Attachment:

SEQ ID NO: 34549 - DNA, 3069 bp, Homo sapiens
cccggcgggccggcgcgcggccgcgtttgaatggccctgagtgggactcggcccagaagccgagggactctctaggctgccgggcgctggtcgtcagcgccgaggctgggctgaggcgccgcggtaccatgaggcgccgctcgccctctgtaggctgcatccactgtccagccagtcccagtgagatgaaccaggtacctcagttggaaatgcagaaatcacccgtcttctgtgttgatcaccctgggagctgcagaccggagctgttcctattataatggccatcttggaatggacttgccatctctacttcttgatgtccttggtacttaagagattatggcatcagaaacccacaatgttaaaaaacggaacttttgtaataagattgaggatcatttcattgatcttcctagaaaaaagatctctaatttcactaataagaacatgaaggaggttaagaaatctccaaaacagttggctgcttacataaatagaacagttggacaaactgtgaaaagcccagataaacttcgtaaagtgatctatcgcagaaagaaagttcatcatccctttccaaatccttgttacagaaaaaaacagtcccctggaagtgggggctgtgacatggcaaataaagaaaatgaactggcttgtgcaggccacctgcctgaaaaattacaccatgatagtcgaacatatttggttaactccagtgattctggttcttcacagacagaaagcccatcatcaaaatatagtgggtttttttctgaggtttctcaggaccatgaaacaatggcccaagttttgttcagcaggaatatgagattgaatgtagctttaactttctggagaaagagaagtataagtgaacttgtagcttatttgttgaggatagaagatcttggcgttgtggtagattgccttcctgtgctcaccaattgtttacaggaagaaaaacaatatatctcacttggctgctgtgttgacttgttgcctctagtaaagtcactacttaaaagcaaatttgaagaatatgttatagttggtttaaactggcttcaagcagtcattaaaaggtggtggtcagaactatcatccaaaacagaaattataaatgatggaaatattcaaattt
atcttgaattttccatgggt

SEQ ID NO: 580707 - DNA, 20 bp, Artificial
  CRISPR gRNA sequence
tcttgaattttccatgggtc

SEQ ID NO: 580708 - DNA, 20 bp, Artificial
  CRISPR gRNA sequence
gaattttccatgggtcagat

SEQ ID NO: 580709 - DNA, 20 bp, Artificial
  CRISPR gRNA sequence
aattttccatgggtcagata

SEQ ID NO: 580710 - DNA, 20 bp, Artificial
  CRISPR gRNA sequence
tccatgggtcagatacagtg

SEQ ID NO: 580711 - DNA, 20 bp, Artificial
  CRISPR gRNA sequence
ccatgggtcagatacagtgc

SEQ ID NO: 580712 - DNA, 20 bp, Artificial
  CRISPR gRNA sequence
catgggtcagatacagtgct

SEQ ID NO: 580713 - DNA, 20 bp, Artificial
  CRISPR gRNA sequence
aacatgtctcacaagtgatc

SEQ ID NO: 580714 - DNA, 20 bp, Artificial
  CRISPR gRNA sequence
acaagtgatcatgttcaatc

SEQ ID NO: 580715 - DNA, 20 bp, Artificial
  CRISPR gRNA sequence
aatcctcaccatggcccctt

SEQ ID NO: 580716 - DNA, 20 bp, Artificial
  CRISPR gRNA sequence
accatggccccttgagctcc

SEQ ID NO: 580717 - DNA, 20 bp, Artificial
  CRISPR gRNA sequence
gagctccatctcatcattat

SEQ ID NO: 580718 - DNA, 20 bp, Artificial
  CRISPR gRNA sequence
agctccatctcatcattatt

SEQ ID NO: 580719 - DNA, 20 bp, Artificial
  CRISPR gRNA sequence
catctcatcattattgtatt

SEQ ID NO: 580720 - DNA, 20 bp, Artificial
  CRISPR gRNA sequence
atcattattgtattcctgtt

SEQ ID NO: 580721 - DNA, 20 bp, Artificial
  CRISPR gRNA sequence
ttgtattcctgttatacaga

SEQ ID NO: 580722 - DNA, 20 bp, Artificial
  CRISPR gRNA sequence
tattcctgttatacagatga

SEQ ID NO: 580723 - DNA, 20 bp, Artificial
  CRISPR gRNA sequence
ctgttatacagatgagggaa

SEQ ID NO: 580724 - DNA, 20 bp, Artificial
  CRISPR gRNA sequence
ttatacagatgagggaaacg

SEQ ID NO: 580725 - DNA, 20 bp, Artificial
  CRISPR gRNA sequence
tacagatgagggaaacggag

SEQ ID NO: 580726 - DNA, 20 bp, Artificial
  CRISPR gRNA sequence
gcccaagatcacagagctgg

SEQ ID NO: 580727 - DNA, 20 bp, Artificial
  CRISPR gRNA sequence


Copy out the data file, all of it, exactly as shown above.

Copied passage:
SEQ ID NO: 34549 - DNA, 3069 bp, Homo sapiens
cccggcgggccggcgcgcggccgcgtttgaatggccctgagtgggactcggcccagaagccgagggactctctaggctgccgggcgctggtcgtcagcgccgaggctgggctgaggcgccgcggtaccatgaggcgccgctcgccctctgtaggctgcatccactgtccagccagtcccagtgagatgaaccaggtacctcagttggaaatgcagaaatcacccgtcttctgtgttgatcaccctgggagctgcagaccggagctgttcctattataatggccatcttggaatggacttgccatctctacttcttgatgtccttggtacttaagagattatggcatcagaaacccacaatgttaaaaaacggaacttttgtaataagattgaggatcatttcattgatcttcctagaaaaaagatctctaatttcactaataagaacatgaaggaggttaagaaatctccaaaacagttggctgcttacataaatagaacagttggacaaactgtgaaaagcccagataaacttcgtaaagtgatctatcgcagaaagaaagttcatcatccctttccaaatccttgttacagaaaaaaacagtcccctggaagtgggggctgtgacatggcaaataaagaaaatgaactggcttgtgcaggccacctgcctgaaaaattacaccatgatagtcgaacatatttggttaactccagtgattctggttcttcacagacagaaagcccatcatcaaaatatagtgggtttttttctgaggtttctcaggaccatgaaacaatggcccaagttttgttcagcaggaatatgagattgaatgtagctttaactttctggagaaagagaagtataagtgaacttgtagcttatttgttgaggatagaagatcttggcgttgtggtagattgccttcctgtgctcaccaattgtttacaggaagaaaaacaatatatctcacttggctgctgtgttgacttgttgcctctagtaaagtcactacttaaaagcaaatttgaagaatatgttatagttggtttaaactggcttcaagcagtcattaaaaggtggtggtcagaactatcatccaaaacagaaattataaatgatggaaatattcaaattt
atcttgaattttccatgggt

SEQ ID NO: 580707 - DNA, 20 bp, Artificial
  CRISPR gRNA sequence
tcttgaattttccatgggtc

SEQ ID NO: 580708 - DNA, 20 bp, Artificial
  CRISPR gRNA sequence
gaattttccatgggtcagat

SEQ ID NO: 580709 - DNA, 20 bp, Artificial
  CRISPR gRNA sequence
aattttccatgggtcagata

SEQ ID NO: 580710 - DNA, 20 bp, Artificial
  CRISPR gRNA sequence
tccatgggtcagatacagtg

SEQ ID NO: 580711 - DNA, 20 bp, Artificial
  CRISPR gRNA sequence
ccatgggtcagatacagtgc

SEQ ID NO: 580712 - DNA, 20 bp, Artificial
  CRISPR gRNA sequence
catgggtcagatacagtgct

SEQ ID NO: 580713 - DNA, 20 bp, Artificial
  CRISPR gRNA sequence
aacatgtctcacaagtgatc

SEQ ID NO: 580714 - DNA, 20 bp, Artificial
  CRISPR gRNA sequence
acaagtgatcatgttcaatc

SEQ ID NO: 580715 - DNA, 20 bp, Artificial
  CRISPR gRNA sequence
aatcctcaccatggcccctt

SEQ ID NO: 580716 - DNA, 20 bp, Artificial
  CRISPR gRNA sequence
accatggccccttgagctcc

SEQ ID NO: 580717 - DNA, 20 bp, Artificial
  CRISPR gRNA sequence
gagctccatctcatcattat

SEQ ID NO: 580718 - DNA, 20 bp, Artificial
  CRISPR gRNA sequence
agctccatctcatcattatt

SEQ ID NO: 580719 - DNA, 20 bp, Artificial
  CRISPR gRNA sequence
catctcatcattattgtatt

SEQ ID NO: 580720 - DNA, 20 bp, Artificial
  CRISPR gRNA sequence
atcattattgtattcctgtt

SEQ ID NO: 580721 - DNA, 20 bp, Artificial
  CRISPR gRNA sequence
ttgtattcctgttatacaga

SEQ ID NO: 580722 - DNA, 20 bp, Artificial
  CRISPR gRNA sequence
tattcctgttatacagatga

SEQ ID NO: 580723 - DNA, 20 bp, Artificial
  CRISPR gRNA sequence
ctgttatacagatgagggaa

SEQ ID NO: 580724 - DNA, 20 bp, Artificial
  CRISPR gRNA sequence
ttatacagatgagggaaacg

SEQ ID NO: 580725 - DNA, 20 bp, Artificial
  CRISPR gRNA sequence
tacagatgagggaaacggag

SEQ ID NO: 580726 - DNA, 20 bp, Artificial
  CRISPR gRNA sequence
gcccaagatcacagagctgg

SEQ ID NO: 580727 - DNA, 20 bp, Artificial
  CRISPR gRNA sequence